Gazette of the United-States. (New-York [N.Y.]) 1789-1793, December 30, 1789, Page 299, Image 3

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    blood of .their innocent, unoffending fellow-citizens. The au
thor has drawn with a masterly hand the irresolute, timid, and
cruel Charles; the gloomy and perfidious policy of Catharine of
Mcdicis; the arrogance and aspiring views of the haughty Duke
of Guise ; and the clerical zeal, vindiftivenefs, and pride of the
Cardinal. Nor has he been less happy in his portraits of the
gallant young King of Navarre, and the truly great and venerable
Admiral and Chancellor. The representation of this play, will,
not improbably, lead to the oveiturniug of the cftablilhcd reli
gion of France.
" A deputation from the higher orders of the clergy waited
upon his Majesty, at the Thuilleries, to entreat that he would inter,
pose his authority to prevent a repetition of the play. The Kino-'
received them with his accustomed politeness, but told them, he
nil) decline interfering ; adding, that if he did not feel him
fclf hurt at the chara&er of the Monarch, he did not conceive that
they ought to object to that of the Cardinal.
" The National Assembly leave the Archiepifcopal-hall th's
morning, and meet at theßiding-fchool near the Thuilleries, which
has been properly prepared foi their reception."
M. Neckar, and his colleagues in office, conti ■
nueto excrcife their functions ; and the Nation
al Alleinbly proceeds on tne important objects
before it, as far as we are able to judge from the
accounts we receive, with vigour and with free
dom. The decree for declaring the pofieffions of
the church the property of the nation, is drawn
up with much apparent caution, and in terms
likely to ineetthe approbation of the Provinces,
ai)d even of the inferior clergy, who are by far
the moll numerous part of the body, and wliofe
influence is the greatefl oil the minds of the
Among other facrifices to the rage of the mob
in Burgundy, was the house of a Mr. Fauflart,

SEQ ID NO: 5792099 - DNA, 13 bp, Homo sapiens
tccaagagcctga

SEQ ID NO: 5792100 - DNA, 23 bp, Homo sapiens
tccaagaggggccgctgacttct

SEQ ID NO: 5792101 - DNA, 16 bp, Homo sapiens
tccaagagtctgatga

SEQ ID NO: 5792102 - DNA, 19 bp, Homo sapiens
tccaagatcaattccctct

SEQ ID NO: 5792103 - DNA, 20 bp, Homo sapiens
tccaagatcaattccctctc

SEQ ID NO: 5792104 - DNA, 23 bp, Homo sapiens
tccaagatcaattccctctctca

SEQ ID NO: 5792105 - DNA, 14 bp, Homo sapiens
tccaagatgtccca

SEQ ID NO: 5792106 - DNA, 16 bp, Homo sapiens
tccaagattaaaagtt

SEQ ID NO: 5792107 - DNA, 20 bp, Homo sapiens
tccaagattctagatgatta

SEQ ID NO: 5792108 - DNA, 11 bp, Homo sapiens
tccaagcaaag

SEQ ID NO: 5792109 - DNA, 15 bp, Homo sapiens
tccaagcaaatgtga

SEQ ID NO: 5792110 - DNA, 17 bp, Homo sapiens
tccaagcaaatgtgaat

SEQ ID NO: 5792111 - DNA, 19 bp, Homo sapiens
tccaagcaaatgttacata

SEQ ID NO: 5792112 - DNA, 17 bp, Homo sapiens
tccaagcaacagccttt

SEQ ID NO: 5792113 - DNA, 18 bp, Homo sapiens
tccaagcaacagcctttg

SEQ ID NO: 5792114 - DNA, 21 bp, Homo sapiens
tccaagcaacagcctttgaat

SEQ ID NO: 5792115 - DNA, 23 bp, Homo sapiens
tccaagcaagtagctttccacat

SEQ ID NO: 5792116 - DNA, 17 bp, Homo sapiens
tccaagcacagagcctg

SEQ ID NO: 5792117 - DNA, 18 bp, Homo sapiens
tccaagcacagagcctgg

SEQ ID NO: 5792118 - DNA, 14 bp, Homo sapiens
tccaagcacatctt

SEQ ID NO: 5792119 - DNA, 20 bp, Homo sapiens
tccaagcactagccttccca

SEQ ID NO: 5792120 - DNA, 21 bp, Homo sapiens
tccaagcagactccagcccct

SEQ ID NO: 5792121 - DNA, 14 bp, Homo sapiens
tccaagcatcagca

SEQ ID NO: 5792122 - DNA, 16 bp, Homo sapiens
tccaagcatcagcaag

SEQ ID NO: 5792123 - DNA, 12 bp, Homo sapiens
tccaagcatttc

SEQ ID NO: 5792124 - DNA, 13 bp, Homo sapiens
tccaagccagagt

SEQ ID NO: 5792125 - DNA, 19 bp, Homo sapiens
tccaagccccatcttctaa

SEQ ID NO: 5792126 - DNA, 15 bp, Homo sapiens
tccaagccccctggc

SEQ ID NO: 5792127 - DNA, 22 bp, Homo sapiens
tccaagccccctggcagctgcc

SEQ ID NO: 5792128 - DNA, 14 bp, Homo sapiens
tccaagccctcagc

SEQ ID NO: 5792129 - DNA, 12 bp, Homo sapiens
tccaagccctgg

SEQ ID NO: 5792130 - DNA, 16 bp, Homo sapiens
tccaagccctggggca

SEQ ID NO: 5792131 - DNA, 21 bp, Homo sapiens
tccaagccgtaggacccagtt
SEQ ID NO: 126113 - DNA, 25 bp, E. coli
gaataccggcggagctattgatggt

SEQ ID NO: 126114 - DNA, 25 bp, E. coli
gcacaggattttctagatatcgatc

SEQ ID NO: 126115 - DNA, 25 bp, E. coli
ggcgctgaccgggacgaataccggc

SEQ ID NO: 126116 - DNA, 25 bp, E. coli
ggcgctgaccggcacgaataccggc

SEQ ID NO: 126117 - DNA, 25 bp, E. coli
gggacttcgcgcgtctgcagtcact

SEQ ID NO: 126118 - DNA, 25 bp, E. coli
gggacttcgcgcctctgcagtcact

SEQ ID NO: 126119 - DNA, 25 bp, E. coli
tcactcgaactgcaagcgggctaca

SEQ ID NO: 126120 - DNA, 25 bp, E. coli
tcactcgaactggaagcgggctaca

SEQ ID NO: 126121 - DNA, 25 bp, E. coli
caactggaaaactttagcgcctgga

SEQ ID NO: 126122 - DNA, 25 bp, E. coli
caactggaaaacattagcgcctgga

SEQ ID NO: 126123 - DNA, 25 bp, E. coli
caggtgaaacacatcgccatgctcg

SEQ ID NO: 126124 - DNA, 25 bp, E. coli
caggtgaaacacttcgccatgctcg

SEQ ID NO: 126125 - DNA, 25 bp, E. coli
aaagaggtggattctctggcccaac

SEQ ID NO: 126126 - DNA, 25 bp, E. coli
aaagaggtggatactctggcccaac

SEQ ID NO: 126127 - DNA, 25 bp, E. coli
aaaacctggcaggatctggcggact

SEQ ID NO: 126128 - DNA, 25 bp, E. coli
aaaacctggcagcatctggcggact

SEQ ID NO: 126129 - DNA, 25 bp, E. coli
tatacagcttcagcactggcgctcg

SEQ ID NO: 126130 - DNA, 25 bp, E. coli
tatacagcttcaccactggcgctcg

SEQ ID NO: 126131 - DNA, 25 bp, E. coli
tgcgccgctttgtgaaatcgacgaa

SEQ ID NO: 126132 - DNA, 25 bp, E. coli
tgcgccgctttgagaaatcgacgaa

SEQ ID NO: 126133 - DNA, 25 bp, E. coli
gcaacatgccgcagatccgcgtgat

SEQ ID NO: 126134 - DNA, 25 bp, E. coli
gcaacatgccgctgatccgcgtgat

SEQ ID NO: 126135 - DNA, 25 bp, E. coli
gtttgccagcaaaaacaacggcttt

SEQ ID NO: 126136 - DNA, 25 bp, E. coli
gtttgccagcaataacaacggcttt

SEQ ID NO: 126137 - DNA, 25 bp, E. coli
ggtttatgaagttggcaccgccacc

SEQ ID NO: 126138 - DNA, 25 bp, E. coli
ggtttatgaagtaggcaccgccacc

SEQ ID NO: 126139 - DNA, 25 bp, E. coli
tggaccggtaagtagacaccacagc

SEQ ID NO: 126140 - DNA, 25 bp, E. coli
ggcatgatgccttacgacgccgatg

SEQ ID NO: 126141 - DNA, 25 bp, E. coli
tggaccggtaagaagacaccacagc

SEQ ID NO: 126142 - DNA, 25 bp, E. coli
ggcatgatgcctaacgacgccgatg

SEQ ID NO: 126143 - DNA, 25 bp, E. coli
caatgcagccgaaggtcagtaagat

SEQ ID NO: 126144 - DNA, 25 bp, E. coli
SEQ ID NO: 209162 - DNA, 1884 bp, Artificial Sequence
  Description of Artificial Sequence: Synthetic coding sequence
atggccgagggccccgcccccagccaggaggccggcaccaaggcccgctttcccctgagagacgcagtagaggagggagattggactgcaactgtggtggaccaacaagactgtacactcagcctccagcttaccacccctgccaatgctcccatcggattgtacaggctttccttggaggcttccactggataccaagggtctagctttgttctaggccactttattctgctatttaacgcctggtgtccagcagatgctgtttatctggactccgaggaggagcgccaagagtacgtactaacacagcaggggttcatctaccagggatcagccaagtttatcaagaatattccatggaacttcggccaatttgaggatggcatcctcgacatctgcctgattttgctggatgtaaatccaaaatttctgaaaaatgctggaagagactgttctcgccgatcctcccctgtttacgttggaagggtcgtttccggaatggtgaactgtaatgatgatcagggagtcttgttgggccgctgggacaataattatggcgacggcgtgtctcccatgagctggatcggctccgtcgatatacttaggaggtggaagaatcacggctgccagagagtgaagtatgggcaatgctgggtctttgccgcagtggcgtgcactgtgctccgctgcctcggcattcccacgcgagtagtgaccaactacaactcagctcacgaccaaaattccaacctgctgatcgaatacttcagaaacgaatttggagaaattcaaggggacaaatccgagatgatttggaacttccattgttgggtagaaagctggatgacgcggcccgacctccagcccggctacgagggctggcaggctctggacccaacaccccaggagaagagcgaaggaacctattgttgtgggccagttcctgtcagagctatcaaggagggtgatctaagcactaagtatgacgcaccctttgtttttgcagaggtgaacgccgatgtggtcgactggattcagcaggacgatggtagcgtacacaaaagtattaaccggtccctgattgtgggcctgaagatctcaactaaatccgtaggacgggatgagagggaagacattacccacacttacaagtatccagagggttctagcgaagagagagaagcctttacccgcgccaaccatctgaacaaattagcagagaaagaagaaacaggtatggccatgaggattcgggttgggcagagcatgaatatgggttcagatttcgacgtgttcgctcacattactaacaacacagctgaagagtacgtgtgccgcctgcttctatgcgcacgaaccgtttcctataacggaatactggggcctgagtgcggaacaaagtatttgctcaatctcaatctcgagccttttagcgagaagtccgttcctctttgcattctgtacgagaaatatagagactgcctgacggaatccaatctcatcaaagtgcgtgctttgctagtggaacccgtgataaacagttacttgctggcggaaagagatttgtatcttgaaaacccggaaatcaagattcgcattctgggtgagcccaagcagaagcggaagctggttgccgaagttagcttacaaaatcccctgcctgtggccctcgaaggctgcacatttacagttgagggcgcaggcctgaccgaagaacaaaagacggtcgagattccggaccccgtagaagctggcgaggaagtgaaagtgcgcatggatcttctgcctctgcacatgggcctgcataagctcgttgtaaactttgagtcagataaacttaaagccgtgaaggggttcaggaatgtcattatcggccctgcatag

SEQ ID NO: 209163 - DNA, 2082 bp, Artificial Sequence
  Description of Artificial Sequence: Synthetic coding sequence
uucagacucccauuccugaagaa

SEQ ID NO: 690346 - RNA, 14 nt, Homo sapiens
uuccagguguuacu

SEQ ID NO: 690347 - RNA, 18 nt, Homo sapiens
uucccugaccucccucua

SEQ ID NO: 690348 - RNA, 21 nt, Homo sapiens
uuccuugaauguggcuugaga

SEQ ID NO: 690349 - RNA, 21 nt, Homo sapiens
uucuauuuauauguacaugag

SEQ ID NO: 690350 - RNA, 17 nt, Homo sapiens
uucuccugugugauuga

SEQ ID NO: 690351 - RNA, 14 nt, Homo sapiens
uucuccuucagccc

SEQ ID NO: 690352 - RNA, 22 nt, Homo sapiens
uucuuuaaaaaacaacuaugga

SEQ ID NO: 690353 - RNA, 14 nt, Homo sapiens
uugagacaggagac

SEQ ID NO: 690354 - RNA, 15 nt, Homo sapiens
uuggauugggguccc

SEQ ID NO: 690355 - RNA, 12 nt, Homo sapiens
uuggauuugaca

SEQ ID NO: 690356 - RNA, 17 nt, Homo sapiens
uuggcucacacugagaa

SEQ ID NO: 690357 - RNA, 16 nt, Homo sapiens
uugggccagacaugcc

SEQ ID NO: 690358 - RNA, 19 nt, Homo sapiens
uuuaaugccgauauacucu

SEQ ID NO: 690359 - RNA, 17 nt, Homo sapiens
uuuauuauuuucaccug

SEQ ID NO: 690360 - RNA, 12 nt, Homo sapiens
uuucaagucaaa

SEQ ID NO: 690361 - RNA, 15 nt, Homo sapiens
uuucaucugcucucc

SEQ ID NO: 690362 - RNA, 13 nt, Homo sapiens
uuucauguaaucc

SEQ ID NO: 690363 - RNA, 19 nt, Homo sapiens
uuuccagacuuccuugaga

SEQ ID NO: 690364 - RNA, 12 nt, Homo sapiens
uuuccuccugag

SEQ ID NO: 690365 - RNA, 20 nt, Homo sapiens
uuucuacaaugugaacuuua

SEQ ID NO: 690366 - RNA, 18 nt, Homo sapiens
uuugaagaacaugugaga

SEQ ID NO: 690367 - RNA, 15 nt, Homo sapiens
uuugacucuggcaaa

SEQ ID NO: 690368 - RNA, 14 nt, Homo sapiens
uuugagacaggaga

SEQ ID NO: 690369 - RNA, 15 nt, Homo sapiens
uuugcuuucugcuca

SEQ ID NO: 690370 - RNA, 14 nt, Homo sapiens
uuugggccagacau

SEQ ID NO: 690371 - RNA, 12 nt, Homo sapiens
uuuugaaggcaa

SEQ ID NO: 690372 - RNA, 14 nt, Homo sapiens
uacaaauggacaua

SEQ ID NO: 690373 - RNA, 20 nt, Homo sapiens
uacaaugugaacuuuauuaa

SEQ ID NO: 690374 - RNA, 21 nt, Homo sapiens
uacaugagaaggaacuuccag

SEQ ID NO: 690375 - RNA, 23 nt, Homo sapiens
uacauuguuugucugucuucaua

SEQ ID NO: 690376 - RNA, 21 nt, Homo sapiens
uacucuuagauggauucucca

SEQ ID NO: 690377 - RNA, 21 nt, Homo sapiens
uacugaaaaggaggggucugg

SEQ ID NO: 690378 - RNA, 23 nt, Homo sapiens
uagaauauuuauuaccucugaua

surgeon, and with it hismufeum, containing a
great collection of (kulls, in a regular gradation
from the human to the animal. This gentleman,
inavery ingenious treatise published at Paris a
bout two years since, aflertsthat our firll parents,
Adam,and Eve, were black!
GHENT, November 7, 1759.
Friday morning a little before 8 o'clock, about
2000 Patriots who cainc from the diftriift of Waes,
appeared before the Saxon and Bruges gates of
this city, and after a short contest made them
selves mailers of the city, driving the soldiers
who guarded the gates, and beingjoined by ma
ny of the Patriots in Ghent, soon overpowered
the main guard, who were either killed or dis
persed. During this the troops in the Caserns
of St. Peter, having divided into two columns,
those on the right marched to Water.PortUridge,
having the river in front; the other took poll at
the Kettle Gate, having the aforefaid river also
in front; Co that these columns could not be at
tacked except in front, at a great disadvantage,
for ihey had the command of the ground every
way : Notwiihltanding their feveraladvantages,
the Patriots attacked them, and after an obstinate
engagement with cannon and muftpietry for 10
hours, the military were driven to their Caserns,
leaving many dead and wounded, the exact num
ber not kuown. The fame night a corps of 200
men, with 3 cannon, marched out of the Caserns
into the suburbs among the Burghers ; the fame
on Saturday ; and on Sunday the Patriots at
tacked the troops and drove them off, but the
military returned at night, and began to wreak
their vengeance in the molt cruel fire,